• 5 minutes Closing the circle around Saudi Arabia: Where did Khashoggi disappear?
  • 10 minutes Iranian Sanctions - What Are The Facts?
  • 15 minutes U.N. About Climate Change: World Must Take 'Unprecedented' Steps To Avert Worst Effects
  • 4 hours WTI @ $75.75, headed for $64 - 67
  • 19 mins Censorship has a price: Google’s CEO Defends Potential Return to China
  • 2 hours Gold price on a rise...
  • 2 hours Saudis Threaten Retaliation If Sanctions are Imposed
  • 9 hours Porsche Says That it ‘Enters the Electric Era With The New Taycan’
  • 1 hour Two Koreas: U.N. Command Wrap Up First Talks On Disarming Border
  • 9 hours Can the World Survive without Saudi Oil?
  • 10 mins $70 More Likely Than $100 - YeeeeeeHaaaaa
  • 22 hours Sears files Chapter 11
  • 22 hours Natural disasters and US deficit
  • 19 hours U.S. - Saudi Arabia: President Trump Says Saudi Arabia's King Wouldn't Survive "Two Weeks" Without U.S. Backing
  • 10 hours How High Can Oil Prices Rise? (Part 2 of my previous thread)
  • 3 hours Who's Ready For The Next Contest?

Breaking News:

200 Dead In Nigeria Oil Pipeline Blast

Charles Kennedy

Charles Kennedy

Charles is a writer for Oilprice.com

More Info

Trending Discussions

Shell Sets Its Sights On “Unexplored” Oil Basin In Nova Scotia

Shell Sets Its Sights On “Unexplored” Oil Basin In Nova Scotia

Pivoting away from its failed Arctic drilling campaign, Royal Dutch Shell just received the go-ahead to drill in another offshore frontier.

Regulators from the Canadian province of Nova Scotia approved of Shell’s drilling plan to drill in the Atlantic Ocean off the Canadian coast. The blocks that Shell is looking to drill could hold up to 120 trillion cubic feet of natural gas and 8 billion barrels of oil.

The drilling program could take 10 months, and wells will be drilled in 2,000 meters of water depth. The so-called Shelburne Basin off the coast of Nova Scotia is an “unexplored geological region” according to the Anglo-Dutch oil major. Related: Future Of Iraq’s Oil Industry Under Threat

NovaScotia

For Nova Scotia, which is eager to see a boost to its economy, Shell’s exploration program holds out hope. But it has not been met with unanimous support in the province. Related: Present Pain Leading To Future Risks In Oil Markets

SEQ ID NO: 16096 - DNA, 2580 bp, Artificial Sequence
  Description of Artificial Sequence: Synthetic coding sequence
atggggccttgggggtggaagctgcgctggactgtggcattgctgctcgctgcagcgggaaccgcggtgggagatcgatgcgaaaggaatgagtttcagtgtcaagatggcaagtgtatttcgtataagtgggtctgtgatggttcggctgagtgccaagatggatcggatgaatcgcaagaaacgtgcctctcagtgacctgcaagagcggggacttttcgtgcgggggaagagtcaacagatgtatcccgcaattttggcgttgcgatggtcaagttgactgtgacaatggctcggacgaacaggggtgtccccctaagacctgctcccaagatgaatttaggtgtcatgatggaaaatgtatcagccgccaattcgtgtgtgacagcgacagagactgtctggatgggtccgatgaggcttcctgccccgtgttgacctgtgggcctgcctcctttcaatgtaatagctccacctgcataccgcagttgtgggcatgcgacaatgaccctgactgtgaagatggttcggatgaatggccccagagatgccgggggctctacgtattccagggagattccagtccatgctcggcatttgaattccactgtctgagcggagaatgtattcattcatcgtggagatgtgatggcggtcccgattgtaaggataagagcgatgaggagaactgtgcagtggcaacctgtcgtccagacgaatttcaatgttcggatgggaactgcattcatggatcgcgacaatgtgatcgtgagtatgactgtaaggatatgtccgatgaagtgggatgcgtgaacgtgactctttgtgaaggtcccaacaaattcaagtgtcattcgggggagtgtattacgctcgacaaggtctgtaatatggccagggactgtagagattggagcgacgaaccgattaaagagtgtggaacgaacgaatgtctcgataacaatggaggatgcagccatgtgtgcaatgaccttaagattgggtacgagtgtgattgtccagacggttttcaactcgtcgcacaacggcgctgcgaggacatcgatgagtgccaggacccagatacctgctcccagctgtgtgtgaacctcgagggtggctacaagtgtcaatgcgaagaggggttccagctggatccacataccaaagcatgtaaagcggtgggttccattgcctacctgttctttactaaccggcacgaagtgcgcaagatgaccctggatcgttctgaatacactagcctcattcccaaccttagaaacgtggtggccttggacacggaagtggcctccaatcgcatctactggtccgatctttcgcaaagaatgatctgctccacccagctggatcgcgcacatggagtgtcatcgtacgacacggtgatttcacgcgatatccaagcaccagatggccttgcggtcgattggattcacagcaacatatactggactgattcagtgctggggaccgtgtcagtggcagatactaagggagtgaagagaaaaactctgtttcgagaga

One controversial aspect of the plan is the lack of oil spill response equipment on site. Shell’s plans consist of bringing in a capping stack from Norway in the event of a well blowout, with a backup located in Brazil. The company requested 21 days to contain a hypothetical well blowout, but Nova Scotia regulators trimmed that down to 13 days after public criticism. That compares to the 24-hour window that Shell had in the U.S. Arctic, which required a capping stack on site.

Environmental groups criticize the 13 days that Shell has, arguing that not having the equipment on site means that there is no guarantee that Shell will be able to contain a spill within the agreed timeframe. But with a limited number of capping stacks available around the world, a top official at the Canada-Nova Scotia Offshore Petroleum Board (CNSOPB) said having one on hand is not feasible. Related: Statoil’s North Sea Success Provides Hope For World’s Depleted Fields

But that has not swayed the fishing industry in Canada. “The capping stack is still in Norway. The mandate of the CNSOPB is to protect the environment on the Scotian Shelf while exploration drilling takes place. They are simply not doing their job,” said John Davis of the Clean Ocean Action Committee, which represents fisheries.

Shell plans on drilling two exploratory wells, named the Cheshire and Monterey Jack. The company received approval for the Cheshire this week.

By Charles Kennedy of Oilprice.com

More Top Reads From Oilprice.com:




Back to homepage

Trending Discussions


Leave a comment

Leave a comment




Oilprice - The No. 1 Source for Oil & Energy News